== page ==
You can enter the ticket lottery until April 28 at 5 AM EST After that, FIFA will conduct a random selection lottery, with successful applicants notified as of May 31. You can apply for tickets for single matches, or all matches that a particular team will play. There is also a way to reserve provisional tickets if your team advances to the knockout stage.

Prices range from $70 to $220 for single tickets for team matches and escalate during the knockout stage. Tickets for the tournament final will cost anywhere from $600 to $1,600.

If you are successful in getting tickets, the next thing you should do is get the Hayya Card – a mandatory all-purpose ID for a World Cup visitor. The Haya Card (Hayya means “let’s go”) not only serves as a visa to Qatar but must be presented – in addition to your ticket – to enter the stadium on match days.

Several airlines fly from New York to Doha, including American, Finnish, Turkish and Royal Jordanian Airlines. Qatar Airways offers more than 100 weekly flights from 12 cities in the United States.

Qatar Airways also offers all-inclusive packages that come with match tickets, flights and accommodation. One package with tickets to all US matches (three team matches plus a Round of 16 match, if US advances) is advertised from $6950 per person. Other packages range from $4,050 to $7,300, for the package that includes tickets to the tournament final.

As for the country’s coronavirus rules, Qatar is currently requiring adult visitors to show either proof of vaccination or a certificate of recovery to avoid quarantine, as well as negative results from a test taken within 48 hours of departure. Current regulations in the country require public transportation, stadiums, shops, and hotels to be hidden. Proof of vaccination is required to enter many buildings, and travelers are required to use Ehteraz, the Covid-19 notification app, on their phones.

Beds can be hard to come by, with only 130,000 rooms for up to 1.5 million visitors expected during the tournament. Condominiums designated to house fans are still being built, many near highways and in dusty industrial areas.

Qatar 2022 has an accommodation portal that is the best place to start your search for accommodation. The site displays listings of hotels, apartments, villas or on board two large Rasta cruise ships in Doha for the duration of the tournament. There’s also the option to stay in “fan villages,” which the site describes as “a variety of casual camping and cabin-style accommodations for the enthusiastic fan,” accompanied by a photo of a tent amid the vast sand dunes. “More information soon,” the caption read.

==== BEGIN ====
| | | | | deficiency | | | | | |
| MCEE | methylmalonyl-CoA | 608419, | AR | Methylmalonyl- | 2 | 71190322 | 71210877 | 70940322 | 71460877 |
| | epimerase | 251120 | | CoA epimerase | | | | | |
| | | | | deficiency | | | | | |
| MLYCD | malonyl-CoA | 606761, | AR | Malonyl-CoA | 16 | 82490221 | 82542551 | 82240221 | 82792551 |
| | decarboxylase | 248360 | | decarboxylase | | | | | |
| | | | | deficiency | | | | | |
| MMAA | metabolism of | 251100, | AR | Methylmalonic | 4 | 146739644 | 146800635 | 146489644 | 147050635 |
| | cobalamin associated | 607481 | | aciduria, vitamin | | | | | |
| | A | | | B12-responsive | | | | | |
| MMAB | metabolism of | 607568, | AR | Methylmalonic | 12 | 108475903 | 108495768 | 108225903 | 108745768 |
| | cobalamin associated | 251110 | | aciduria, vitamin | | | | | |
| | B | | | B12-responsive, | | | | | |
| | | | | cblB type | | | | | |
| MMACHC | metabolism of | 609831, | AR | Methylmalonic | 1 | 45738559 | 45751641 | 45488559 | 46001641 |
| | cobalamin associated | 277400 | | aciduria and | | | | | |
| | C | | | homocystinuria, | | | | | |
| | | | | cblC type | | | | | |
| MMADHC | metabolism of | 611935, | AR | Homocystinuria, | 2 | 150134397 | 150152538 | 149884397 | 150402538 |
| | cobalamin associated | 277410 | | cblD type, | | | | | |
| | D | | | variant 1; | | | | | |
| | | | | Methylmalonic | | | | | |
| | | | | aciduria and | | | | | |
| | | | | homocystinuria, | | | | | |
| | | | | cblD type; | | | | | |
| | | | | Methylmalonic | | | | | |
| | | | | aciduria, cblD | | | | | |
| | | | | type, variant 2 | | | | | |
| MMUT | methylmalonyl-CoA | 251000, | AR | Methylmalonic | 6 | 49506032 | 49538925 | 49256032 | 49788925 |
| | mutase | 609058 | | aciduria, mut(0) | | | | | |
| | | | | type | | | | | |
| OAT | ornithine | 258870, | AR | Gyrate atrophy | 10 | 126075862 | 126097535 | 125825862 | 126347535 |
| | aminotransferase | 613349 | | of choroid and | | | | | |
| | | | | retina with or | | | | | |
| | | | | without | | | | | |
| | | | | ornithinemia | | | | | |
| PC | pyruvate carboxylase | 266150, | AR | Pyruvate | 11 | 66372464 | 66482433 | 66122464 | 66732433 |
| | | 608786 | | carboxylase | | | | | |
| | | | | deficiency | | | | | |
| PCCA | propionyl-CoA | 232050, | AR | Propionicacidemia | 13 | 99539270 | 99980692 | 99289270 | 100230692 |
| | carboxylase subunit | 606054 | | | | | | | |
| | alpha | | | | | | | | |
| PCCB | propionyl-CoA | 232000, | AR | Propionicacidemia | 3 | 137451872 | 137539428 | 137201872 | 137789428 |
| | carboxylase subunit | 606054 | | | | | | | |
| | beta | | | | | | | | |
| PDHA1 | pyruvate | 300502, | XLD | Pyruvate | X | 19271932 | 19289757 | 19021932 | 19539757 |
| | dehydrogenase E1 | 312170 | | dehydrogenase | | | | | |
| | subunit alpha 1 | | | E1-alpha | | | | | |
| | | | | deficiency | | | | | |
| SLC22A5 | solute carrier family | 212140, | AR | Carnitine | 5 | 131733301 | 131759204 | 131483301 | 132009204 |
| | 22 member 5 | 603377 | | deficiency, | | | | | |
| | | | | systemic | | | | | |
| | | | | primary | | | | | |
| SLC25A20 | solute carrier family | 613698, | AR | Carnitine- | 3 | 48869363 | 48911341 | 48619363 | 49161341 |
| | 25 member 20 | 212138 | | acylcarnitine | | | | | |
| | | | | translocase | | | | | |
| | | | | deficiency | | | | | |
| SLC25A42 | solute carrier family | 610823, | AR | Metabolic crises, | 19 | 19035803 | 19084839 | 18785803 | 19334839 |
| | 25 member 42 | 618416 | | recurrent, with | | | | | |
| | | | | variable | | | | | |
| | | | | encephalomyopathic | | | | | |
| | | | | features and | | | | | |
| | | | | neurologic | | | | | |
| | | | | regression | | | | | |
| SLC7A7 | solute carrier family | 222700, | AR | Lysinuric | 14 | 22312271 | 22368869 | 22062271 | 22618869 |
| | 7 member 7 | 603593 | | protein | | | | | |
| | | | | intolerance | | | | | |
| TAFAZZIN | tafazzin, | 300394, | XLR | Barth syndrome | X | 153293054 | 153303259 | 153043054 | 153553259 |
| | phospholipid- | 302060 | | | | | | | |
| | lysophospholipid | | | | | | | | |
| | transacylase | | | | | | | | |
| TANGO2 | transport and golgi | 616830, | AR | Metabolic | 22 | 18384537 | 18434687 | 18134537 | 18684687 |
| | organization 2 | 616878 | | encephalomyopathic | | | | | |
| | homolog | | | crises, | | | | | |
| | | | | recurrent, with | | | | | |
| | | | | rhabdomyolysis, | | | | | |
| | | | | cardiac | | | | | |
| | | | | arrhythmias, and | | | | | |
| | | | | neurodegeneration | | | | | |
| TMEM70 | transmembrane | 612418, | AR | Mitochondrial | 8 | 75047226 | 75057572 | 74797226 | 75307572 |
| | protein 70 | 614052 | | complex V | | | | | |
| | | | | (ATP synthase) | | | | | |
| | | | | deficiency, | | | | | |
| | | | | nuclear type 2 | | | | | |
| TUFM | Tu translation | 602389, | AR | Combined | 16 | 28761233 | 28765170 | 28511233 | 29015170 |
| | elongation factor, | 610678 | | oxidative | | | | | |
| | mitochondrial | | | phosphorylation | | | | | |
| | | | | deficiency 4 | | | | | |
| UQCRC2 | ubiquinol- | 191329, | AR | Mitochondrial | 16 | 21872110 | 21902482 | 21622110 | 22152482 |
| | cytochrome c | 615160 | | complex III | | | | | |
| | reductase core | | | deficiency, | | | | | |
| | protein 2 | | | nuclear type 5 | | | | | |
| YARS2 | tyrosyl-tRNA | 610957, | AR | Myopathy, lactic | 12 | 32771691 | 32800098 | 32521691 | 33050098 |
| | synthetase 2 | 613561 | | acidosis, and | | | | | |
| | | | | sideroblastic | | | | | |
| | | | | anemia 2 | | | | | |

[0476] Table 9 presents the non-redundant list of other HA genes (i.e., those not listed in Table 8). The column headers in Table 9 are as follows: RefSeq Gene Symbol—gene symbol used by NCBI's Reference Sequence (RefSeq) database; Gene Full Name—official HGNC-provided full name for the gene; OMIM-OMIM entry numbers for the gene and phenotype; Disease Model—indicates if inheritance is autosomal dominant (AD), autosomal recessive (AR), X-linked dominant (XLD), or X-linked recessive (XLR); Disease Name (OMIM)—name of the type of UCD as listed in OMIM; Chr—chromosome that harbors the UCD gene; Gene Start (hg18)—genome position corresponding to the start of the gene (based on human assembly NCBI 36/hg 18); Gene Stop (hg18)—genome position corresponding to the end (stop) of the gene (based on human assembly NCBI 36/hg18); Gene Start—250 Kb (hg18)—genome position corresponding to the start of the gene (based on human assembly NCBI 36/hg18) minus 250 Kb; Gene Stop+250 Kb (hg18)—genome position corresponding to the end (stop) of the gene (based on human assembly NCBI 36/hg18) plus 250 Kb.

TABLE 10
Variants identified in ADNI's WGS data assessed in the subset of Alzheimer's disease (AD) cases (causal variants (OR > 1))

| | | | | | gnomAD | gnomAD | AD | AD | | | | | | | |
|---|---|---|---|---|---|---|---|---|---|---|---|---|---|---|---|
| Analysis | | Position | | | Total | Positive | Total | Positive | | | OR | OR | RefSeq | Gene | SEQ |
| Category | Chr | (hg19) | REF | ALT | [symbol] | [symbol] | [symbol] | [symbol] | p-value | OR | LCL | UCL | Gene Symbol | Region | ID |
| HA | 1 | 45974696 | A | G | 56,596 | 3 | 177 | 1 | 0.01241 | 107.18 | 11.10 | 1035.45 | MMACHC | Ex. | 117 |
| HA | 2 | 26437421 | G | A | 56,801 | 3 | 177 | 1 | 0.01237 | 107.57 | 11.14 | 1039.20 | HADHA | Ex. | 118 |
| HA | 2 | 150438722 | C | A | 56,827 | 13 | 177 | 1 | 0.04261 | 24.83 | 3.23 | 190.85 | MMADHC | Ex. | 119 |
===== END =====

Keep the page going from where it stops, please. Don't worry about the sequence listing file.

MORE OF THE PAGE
A recent search on the site for hotel rooms showed that nothing was available, a disappointment for those who fancy a room at the Four Seasons Hotel Doha. But even the modest three-star lists did not show any vacancies.

However, some apartments and villas have been provided. On the low end was an apartment in Al Wakra, a suburb of Doha, for $84 a night. In the end, the price for a villa in Doha was $920 per night.

Cabin rates on board the MSC Poesia docked in Doha Port start at $179 on the website; Aboard the MSC World Europa, they are $347.

Airbnb has had some bookings in Qatar for the World Cup, which tend to consist of tents at $100 a night or apartments starting at $500 a night. Some fans may have to stay in the UAE in Abu Dhabi, 330 miles from Doha, or Dubai, 390 miles away, and take a car, bus or plane to go to the game.

Fans attending the World Cup should keep in mind that while the country does make some provision for the incoming influx of tourists, Qatar is a conservative Muslim country and visitors should be aware of its laws and customs.

For example, it is illegal to drink in public. During the World Cup, alcoholic beverages will be available in designated areas, such as hotels and special “fan areas”, but general intoxication can result in up to six months in prison.

The official Visit Qatar website advises: “Visitors (men and women) are expected to show respect for the local culture by avoiding excessively revealing clothing in public.” “It is generally recommended for men and women to make sure their shoulders and knees are covered.”

According to Visit Qatar, public displays of affection between men and women are “disliked”.

Even if you are a football fan and have the money to travel, deciding whether to go to the World Cup this year can be risky. Remember, you can always wait until 2026, when the World Cup will be held in the United States, Canada and Mexico.